Civil rights leaders declared Thursday that the grand jury system is broken when police are investigated for killing civilians — and they promised to push to fix it in a “year of change” in 2015.
They spoke on the morning after thousands of people took to the streets in New York to protest a grand jury’s decision not to indict a white police officer in the chokehold death of an unarmed black man, Eric Garner, in July as he gasped: “I can’t breathe!”
Last week, a grand jury in Missouri declined to indict a white police officer in the shooting death of an unarmed black teenager, Michael Brown. The civil rights leaders said Tuesday that prosecutors and grand juries had abdicated their responsibilities.
Marc Morial, CEO of the National Urban League, said it bordered on “prosecutorial malpractice.” The Rev. Al Sharpton, who hosts a show on MSNBC, said that local prosecutors are hopelessly conflicted when they deal with police.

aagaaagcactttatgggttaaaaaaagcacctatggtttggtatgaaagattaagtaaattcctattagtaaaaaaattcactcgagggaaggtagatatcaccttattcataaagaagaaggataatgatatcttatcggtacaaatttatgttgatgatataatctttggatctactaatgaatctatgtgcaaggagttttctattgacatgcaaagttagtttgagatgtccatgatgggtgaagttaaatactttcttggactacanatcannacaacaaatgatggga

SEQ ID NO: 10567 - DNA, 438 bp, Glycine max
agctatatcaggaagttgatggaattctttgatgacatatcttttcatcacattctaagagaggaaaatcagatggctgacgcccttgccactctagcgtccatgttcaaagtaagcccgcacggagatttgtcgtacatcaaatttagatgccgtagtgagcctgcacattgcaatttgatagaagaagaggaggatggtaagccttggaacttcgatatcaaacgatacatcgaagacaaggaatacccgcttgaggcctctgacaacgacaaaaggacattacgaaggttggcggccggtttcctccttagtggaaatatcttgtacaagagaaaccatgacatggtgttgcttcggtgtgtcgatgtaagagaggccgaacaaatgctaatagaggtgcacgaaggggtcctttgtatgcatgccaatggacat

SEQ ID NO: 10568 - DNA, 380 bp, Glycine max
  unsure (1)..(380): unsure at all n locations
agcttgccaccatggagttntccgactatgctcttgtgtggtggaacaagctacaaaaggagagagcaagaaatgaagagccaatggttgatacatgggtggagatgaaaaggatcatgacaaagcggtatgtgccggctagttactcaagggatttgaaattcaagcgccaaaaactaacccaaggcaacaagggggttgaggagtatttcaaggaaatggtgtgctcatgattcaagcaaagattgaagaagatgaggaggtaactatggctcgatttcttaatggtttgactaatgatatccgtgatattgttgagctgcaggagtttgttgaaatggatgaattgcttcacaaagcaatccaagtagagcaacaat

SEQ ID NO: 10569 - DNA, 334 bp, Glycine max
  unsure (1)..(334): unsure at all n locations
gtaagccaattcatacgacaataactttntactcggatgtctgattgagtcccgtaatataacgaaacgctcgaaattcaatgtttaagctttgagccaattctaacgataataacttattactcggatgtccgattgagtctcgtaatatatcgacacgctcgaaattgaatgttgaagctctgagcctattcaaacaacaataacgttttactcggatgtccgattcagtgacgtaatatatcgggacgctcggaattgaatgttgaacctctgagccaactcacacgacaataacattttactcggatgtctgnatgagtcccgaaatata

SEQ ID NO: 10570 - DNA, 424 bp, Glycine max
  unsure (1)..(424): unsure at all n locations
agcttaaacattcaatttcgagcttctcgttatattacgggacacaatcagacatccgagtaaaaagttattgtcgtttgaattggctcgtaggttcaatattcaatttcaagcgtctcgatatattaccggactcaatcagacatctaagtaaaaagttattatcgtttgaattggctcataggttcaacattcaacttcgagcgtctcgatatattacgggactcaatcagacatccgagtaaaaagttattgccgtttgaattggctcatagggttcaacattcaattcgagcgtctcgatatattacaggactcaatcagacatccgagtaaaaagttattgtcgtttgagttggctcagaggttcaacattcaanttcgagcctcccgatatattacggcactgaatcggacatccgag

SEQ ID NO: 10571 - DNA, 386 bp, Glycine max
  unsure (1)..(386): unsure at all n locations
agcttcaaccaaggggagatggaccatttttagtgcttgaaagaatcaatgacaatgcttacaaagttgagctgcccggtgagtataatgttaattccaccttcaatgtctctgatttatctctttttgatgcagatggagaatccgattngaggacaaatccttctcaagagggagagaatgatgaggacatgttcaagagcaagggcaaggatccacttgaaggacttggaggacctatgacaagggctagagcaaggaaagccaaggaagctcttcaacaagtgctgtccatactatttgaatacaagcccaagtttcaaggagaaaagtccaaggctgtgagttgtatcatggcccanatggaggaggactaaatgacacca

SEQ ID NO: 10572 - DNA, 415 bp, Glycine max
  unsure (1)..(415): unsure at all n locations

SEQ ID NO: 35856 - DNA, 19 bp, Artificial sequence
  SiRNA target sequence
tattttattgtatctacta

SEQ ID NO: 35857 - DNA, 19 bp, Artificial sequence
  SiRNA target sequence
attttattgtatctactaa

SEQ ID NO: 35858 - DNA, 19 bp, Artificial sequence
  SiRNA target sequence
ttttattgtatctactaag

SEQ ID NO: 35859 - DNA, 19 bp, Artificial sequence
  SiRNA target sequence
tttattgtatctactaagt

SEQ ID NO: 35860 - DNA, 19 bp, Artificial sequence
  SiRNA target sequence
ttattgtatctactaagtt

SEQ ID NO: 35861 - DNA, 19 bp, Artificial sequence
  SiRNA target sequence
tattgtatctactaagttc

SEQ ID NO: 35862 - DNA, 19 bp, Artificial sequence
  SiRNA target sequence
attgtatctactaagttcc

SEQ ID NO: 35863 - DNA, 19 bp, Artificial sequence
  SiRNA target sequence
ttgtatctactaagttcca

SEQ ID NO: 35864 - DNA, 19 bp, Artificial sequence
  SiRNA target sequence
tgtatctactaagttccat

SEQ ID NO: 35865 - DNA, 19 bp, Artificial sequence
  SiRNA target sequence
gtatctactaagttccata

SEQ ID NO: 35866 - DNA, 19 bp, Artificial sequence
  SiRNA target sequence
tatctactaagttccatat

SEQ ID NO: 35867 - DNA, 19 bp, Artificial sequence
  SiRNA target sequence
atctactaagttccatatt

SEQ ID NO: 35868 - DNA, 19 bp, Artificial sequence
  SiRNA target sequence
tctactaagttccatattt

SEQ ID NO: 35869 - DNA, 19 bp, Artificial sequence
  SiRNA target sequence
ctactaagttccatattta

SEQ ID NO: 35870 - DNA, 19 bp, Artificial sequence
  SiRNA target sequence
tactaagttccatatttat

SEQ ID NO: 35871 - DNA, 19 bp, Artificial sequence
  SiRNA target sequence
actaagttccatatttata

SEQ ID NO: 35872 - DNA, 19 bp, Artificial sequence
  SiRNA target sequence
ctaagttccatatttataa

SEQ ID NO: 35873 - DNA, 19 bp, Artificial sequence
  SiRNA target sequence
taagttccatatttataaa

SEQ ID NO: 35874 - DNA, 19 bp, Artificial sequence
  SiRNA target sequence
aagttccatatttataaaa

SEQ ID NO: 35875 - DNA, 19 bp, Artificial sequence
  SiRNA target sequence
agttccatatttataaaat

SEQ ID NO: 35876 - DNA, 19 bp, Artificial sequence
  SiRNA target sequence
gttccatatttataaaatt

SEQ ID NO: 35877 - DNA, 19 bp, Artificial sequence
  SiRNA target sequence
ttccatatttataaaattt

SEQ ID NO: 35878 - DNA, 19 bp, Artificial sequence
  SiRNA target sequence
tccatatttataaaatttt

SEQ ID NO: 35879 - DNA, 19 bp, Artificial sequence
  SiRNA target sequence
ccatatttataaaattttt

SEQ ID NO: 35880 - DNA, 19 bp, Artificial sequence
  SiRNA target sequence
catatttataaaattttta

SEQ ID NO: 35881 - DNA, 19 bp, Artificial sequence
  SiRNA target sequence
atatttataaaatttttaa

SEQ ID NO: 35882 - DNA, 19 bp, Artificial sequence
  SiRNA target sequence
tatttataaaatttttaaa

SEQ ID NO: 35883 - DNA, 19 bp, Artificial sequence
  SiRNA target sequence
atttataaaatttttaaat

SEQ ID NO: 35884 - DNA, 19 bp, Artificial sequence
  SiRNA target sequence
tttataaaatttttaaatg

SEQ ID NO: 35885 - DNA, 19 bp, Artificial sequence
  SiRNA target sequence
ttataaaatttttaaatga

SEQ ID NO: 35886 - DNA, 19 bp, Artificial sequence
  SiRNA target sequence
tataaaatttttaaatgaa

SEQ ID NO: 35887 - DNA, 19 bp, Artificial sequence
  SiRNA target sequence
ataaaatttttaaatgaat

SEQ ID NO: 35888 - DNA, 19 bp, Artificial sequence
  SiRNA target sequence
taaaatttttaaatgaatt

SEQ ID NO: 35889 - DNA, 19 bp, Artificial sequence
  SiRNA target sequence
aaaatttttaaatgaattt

“The grand jury systems on a state level are broken and seem to lack the capacity to deal with the police when you are dealing with questions of criminality and killings,” he told reporters. Of the Garner case, he said: “You’re going to keep choking him after he says 11 times, ‘I can’t breathe’ — and that is not enough to go to trial?”
Sharpton said the Brown and Garner families would attend a march in Washington on Dec. 13 to demand more federal involvement in cases of police killings. Morial promised a civil rights summit early next year.
“This is a time in this nation, this is a moment, where our consciousness is shocked,” he said.